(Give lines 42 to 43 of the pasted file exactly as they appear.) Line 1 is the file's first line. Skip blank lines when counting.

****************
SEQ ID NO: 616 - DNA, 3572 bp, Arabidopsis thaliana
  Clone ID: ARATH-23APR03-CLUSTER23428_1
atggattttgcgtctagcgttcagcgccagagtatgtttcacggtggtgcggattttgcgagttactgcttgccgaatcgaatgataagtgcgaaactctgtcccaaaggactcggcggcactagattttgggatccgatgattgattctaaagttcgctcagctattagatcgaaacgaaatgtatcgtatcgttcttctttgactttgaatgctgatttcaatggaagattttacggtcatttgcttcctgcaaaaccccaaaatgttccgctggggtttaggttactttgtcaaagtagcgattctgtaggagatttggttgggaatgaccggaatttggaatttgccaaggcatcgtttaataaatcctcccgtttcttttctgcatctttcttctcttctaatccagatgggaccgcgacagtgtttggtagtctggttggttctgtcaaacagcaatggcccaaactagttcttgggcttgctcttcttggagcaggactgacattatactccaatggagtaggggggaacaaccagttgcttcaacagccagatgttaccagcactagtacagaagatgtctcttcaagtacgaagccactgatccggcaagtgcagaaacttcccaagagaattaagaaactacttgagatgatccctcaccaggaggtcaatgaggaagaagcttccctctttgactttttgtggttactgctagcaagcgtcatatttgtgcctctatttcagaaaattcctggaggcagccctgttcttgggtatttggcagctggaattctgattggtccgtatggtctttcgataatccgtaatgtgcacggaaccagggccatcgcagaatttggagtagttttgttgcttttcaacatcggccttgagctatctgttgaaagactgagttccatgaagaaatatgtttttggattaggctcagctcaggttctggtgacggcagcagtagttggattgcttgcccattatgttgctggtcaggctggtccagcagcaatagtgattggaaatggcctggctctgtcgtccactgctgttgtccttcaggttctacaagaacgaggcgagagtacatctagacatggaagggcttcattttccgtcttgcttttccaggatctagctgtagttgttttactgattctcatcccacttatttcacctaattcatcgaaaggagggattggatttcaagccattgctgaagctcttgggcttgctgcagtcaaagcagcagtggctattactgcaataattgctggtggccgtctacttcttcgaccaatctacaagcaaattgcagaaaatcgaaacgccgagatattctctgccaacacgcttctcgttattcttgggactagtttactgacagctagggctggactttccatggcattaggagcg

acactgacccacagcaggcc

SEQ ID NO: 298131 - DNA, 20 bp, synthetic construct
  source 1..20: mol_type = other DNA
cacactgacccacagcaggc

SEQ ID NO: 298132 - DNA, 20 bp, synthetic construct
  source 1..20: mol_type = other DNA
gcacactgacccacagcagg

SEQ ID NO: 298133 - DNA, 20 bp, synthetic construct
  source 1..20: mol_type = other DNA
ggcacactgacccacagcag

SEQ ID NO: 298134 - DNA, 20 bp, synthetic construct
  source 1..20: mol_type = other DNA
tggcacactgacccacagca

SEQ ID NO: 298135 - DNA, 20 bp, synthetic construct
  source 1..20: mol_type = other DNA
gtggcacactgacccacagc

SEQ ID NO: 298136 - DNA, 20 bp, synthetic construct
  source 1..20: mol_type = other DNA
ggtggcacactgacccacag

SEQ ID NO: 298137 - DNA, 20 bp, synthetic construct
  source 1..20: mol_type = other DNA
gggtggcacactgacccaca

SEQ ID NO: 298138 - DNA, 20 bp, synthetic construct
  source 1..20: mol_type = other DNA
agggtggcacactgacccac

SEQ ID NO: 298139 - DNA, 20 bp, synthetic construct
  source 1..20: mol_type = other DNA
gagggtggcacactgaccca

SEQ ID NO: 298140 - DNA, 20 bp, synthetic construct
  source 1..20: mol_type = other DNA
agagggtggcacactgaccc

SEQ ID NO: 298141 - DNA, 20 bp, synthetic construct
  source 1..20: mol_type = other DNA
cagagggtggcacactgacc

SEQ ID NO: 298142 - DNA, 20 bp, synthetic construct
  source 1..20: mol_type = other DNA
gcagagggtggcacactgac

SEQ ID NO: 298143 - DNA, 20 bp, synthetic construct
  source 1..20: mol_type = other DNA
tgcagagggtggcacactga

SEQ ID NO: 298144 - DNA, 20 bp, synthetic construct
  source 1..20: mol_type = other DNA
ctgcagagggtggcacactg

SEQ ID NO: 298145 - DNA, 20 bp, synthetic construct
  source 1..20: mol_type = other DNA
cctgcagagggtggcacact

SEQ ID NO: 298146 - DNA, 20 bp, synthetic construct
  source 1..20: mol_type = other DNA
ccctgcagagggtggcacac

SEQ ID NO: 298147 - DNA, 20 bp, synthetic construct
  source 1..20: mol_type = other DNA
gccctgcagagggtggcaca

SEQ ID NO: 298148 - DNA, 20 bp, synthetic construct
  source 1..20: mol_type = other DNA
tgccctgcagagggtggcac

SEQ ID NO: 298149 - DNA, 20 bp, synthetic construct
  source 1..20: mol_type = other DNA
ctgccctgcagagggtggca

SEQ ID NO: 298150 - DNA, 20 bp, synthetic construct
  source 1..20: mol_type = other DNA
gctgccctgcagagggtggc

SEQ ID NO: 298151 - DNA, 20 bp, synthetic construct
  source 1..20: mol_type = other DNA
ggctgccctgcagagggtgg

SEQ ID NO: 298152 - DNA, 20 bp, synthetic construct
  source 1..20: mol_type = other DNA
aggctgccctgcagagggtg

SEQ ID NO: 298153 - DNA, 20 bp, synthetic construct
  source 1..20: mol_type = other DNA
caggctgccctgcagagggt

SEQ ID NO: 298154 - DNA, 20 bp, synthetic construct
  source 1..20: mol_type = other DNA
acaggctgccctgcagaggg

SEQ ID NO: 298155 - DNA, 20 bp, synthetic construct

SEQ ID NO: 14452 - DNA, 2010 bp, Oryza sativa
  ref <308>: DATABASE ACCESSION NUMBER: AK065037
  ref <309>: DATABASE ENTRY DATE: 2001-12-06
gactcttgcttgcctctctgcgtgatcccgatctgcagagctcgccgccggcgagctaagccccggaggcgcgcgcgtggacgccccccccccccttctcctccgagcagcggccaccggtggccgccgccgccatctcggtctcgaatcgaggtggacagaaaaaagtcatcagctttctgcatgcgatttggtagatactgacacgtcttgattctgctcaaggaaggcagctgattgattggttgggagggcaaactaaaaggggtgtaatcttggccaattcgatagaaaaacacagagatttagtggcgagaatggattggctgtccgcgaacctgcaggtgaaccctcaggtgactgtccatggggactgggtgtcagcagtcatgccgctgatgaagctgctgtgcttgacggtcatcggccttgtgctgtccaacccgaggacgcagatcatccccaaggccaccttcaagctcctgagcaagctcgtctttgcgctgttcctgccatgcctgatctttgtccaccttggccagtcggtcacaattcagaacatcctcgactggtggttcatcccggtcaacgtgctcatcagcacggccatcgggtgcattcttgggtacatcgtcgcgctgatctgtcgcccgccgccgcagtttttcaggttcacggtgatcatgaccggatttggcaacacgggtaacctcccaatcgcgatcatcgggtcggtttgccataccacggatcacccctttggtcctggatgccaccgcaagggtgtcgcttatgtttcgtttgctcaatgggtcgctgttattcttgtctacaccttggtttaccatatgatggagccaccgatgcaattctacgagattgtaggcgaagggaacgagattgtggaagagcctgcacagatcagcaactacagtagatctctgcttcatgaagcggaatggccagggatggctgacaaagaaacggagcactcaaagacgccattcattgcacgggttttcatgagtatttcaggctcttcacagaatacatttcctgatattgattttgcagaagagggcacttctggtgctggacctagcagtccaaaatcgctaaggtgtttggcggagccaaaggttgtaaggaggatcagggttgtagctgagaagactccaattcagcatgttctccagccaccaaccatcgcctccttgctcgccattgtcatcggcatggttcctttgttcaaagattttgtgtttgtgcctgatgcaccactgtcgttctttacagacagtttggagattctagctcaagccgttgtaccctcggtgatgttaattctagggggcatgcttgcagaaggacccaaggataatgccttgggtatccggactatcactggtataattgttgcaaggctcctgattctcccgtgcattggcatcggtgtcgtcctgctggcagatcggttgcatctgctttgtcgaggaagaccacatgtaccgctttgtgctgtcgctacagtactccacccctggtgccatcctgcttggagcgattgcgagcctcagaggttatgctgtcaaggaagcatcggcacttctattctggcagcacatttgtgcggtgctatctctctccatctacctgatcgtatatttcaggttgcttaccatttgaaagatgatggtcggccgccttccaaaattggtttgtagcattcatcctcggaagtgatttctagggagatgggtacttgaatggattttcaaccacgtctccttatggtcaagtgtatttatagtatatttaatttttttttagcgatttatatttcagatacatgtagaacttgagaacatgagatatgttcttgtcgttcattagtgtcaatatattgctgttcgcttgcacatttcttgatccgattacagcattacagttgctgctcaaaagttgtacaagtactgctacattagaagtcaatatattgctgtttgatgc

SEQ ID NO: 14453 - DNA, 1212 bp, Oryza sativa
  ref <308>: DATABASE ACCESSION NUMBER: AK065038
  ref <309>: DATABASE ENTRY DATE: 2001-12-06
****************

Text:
  source 1..20: mol_type = other DNA
tgcagagggtggcacactga